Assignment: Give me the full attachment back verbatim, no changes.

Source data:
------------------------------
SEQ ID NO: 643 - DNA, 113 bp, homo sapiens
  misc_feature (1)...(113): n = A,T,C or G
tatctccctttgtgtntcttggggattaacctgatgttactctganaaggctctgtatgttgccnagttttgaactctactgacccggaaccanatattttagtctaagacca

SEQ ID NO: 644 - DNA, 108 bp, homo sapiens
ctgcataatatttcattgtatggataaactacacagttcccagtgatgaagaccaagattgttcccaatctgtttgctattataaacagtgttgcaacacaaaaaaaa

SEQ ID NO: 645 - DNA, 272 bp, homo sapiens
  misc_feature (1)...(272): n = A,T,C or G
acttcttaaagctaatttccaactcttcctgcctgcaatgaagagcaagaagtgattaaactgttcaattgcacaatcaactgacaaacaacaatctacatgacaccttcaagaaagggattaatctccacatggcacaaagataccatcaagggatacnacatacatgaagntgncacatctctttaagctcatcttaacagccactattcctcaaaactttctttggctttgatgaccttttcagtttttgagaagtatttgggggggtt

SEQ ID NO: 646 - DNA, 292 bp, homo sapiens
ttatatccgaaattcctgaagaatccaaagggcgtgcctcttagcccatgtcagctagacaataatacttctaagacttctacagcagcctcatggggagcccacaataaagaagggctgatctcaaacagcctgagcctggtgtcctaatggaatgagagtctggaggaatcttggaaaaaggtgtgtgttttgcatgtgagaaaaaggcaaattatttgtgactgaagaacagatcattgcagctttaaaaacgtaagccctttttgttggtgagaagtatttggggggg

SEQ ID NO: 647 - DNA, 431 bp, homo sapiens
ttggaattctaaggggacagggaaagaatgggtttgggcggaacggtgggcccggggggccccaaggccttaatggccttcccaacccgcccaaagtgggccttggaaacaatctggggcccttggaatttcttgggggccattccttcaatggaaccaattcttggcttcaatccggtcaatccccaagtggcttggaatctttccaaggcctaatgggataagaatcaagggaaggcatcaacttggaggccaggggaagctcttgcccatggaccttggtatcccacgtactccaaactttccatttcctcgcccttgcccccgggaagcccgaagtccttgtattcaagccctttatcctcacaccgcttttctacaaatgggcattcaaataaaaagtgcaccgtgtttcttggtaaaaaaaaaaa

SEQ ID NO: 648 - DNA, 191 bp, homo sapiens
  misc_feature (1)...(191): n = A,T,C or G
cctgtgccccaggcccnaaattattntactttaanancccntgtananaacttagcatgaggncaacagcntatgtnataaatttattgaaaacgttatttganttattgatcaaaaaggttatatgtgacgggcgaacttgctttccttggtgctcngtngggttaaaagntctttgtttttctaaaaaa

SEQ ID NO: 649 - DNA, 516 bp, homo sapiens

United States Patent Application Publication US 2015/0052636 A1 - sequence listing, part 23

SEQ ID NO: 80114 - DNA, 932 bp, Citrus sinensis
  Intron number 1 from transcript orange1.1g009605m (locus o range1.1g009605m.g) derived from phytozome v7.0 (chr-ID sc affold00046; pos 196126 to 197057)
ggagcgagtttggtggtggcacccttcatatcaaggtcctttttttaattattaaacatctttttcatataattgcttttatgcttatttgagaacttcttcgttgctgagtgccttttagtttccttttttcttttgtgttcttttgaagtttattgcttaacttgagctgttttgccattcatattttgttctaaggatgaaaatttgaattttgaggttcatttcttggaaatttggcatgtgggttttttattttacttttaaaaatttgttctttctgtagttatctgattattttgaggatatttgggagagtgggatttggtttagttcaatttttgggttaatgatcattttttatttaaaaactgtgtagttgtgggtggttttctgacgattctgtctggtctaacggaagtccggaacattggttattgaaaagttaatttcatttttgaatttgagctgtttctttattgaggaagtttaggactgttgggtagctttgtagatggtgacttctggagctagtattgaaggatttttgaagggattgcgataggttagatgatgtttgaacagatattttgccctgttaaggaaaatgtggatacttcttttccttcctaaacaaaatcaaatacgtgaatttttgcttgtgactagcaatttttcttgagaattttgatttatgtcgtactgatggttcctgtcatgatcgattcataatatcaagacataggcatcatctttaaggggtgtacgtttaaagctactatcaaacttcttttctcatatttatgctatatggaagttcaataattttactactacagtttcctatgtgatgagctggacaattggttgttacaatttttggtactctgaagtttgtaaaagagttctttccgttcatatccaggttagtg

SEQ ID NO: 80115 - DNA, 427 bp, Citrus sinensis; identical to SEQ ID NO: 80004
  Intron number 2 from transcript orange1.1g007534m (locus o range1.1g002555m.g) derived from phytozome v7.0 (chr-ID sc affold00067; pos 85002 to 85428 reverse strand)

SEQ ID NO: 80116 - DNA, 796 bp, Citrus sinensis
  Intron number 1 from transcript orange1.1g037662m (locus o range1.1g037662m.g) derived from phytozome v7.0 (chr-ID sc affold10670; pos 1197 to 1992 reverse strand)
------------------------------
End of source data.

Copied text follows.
SEQ ID NO: 643 - DNA, 113 bp, homo sapiens
  misc_feature (1)...(113): n = A,T,C or G
tatctccctttgtgtntcttggggattaacctgatgttactctganaaggctctgtatgttgccnagttttgaactctactgacccggaaccanatattttagtctaagacca

SEQ ID NO: 644 - DNA, 108 bp, homo sapiens
ctgcataatatttcattgtatggataaactacacagttcccagtgatgaagaccaagattgttcccaatctgtttgctattataaacagtgttgcaacacaaaaaaaa

SEQ ID NO: 645 - DNA, 272 bp, homo sapiens
  misc_feature (1)...(272): n = A,T,C or G
acttcttaaagctaatttccaactcttcctgcctgcaatgaagagcaagaagtgattaaactgttcaattgcacaatcaactgacaaacaacaatctacatgacaccttcaagaaagggattaatctccacatggcacaaagataccatcaagggatacnacatacatgaagntgncacatctctttaagctcatcttaacagccactattcctcaaaactttctttggctttgatgaccttttcagtttttgagaagtatttgggggggtt

SEQ ID NO: 646 - DNA, 292 bp, homo sapiens
ttatatccgaaattcctgaagaatccaaagggcgtgcctcttagcccatgtcagctagacaataatacttctaagacttctacagcagcctcatggggagcccacaataaagaagggctgatctcaaacagcctgagcctggtgtcctaatggaatgagagtctggaggaatcttggaaaaaggtgtgtgttttgcatgtgagaaaaaggcaaattatttgtgactgaagaacagatcattgcagctttaaaaacgtaagccctttttgttggtgagaagtatttggggggg

SEQ ID NO: 647 - DNA, 431 bp, homo sapiens
ttggaattctaaggggacagggaaagaatgggtttgggcggaacggtgggcccggggggccccaaggccttaatggccttcccaacccgcccaaagtgggccttggaaacaatctggggcccttggaatttcttgggggccattccttcaatggaaccaattcttggcttcaatccggtcaatccccaagtggcttggaatctttccaaggcctaatgggataagaatcaagggaaggcatcaacttggaggccaggggaagctcttgcccatggaccttggtatcccacgtactccaaactttccatttcctcgcccttgcccccgggaagcccgaagtccttgtattcaagccctttatcctcacaccgcttttctacaaatgggcattcaaataaaaagtgcaccgtgtttcttggtaaaaaaaaaaa

SEQ ID NO: 648 - DNA, 191 bp, homo sapiens
  misc_feature (1)...(191): n = A,T,C or G
cctgtgccccaggcccnaaattattntactttaanancccntgtananaacttagcatgaggncaacagcntatgtnataaatttattgaaaacgttatttganttattgatcaaaaaggttatatgtgacgggcgaacttgctttccttggtgctcngtngggttaaaagntctttgtttttctaaaaaa

SEQ ID NO: 649 - DNA, 516 bp, homo sapiens

United States Patent Application Publication US 2015/0052636 A1 - sequence listing, part 23

SEQ ID NO: 80114 - DNA, 932 bp, Citrus sinensis
  Intron number 1 from transcript orange1.1g009605m (locus o range1.1g009605m.g) derived from phytozome v7.0 (chr-ID sc affold00046; pos 196126 to 197057)
ggagcgagtttggtggtggcacccttcatatcaaggtcctttttttaattattaaacatctttttcatataattgcttttatgcttatttgagaacttcttcgttgctgagtgccttttagtttccttttttcttttgtgttcttttgaagtttattgcttaacttgagctgttttgccattcatattttgttctaaggatgaaaatttgaattttgaggttcatttcttggaaatttggcatgtgggttttttattttacttttaaaaatttgttctttctgtagttatctgattattttgaggatatttgggagagtgggatttggtttagttcaatttttgggttaatgatcattttttatttaaaaactgtgtagttgtgggtggttttctgacgattctgtctggtctaacggaagtccggaacattggttattgaaaagttaatttcatttttgaatttgagctgtttctttattgaggaagtttaggactgttgggtagctttgtagatggtgacttctggagctagtattgaaggatttttgaagggattgcgataggttagatgatgtttgaacagatattttgccctgttaaggaaaatgtggatacttcttttccttcctaaacaaaatcaaatacgtgaatttttgcttgtgactagcaatttttcttgagaattttgatttatgtcgtactgatggttcctgtcatgatcgattcataatatcaagacataggcatcatctttaaggggtgtacgtttaaagctactatcaaacttcttttctcatatttatgctatatggaagttcaataattttactactacagtttcctatgtgatgagctggacaattggttgttacaatttttggtactctgaagtttgtaaaagagttctttccgttcatatccaggttagtg

SEQ ID NO: 80115 - DNA, 427 bp, Citrus sinensis; identical to SEQ ID NO: 80004
  Intron number 2 from transcript orange1.1g007534m (locus o range1.1g002555m.g) derived from phytozome v7.0 (chr-ID sc affold00067; pos 85002 to 85428 reverse strand)

SEQ ID NO: 80116 - DNA, 796 bp, Citrus sinensis
  Intron number 1 from transcript orange1.1g037662m (locus o range1.1g037662m.g) derived from phytozome v7.0 (chr-ID sc affold10670; pos 1197 to 1992 reverse strand)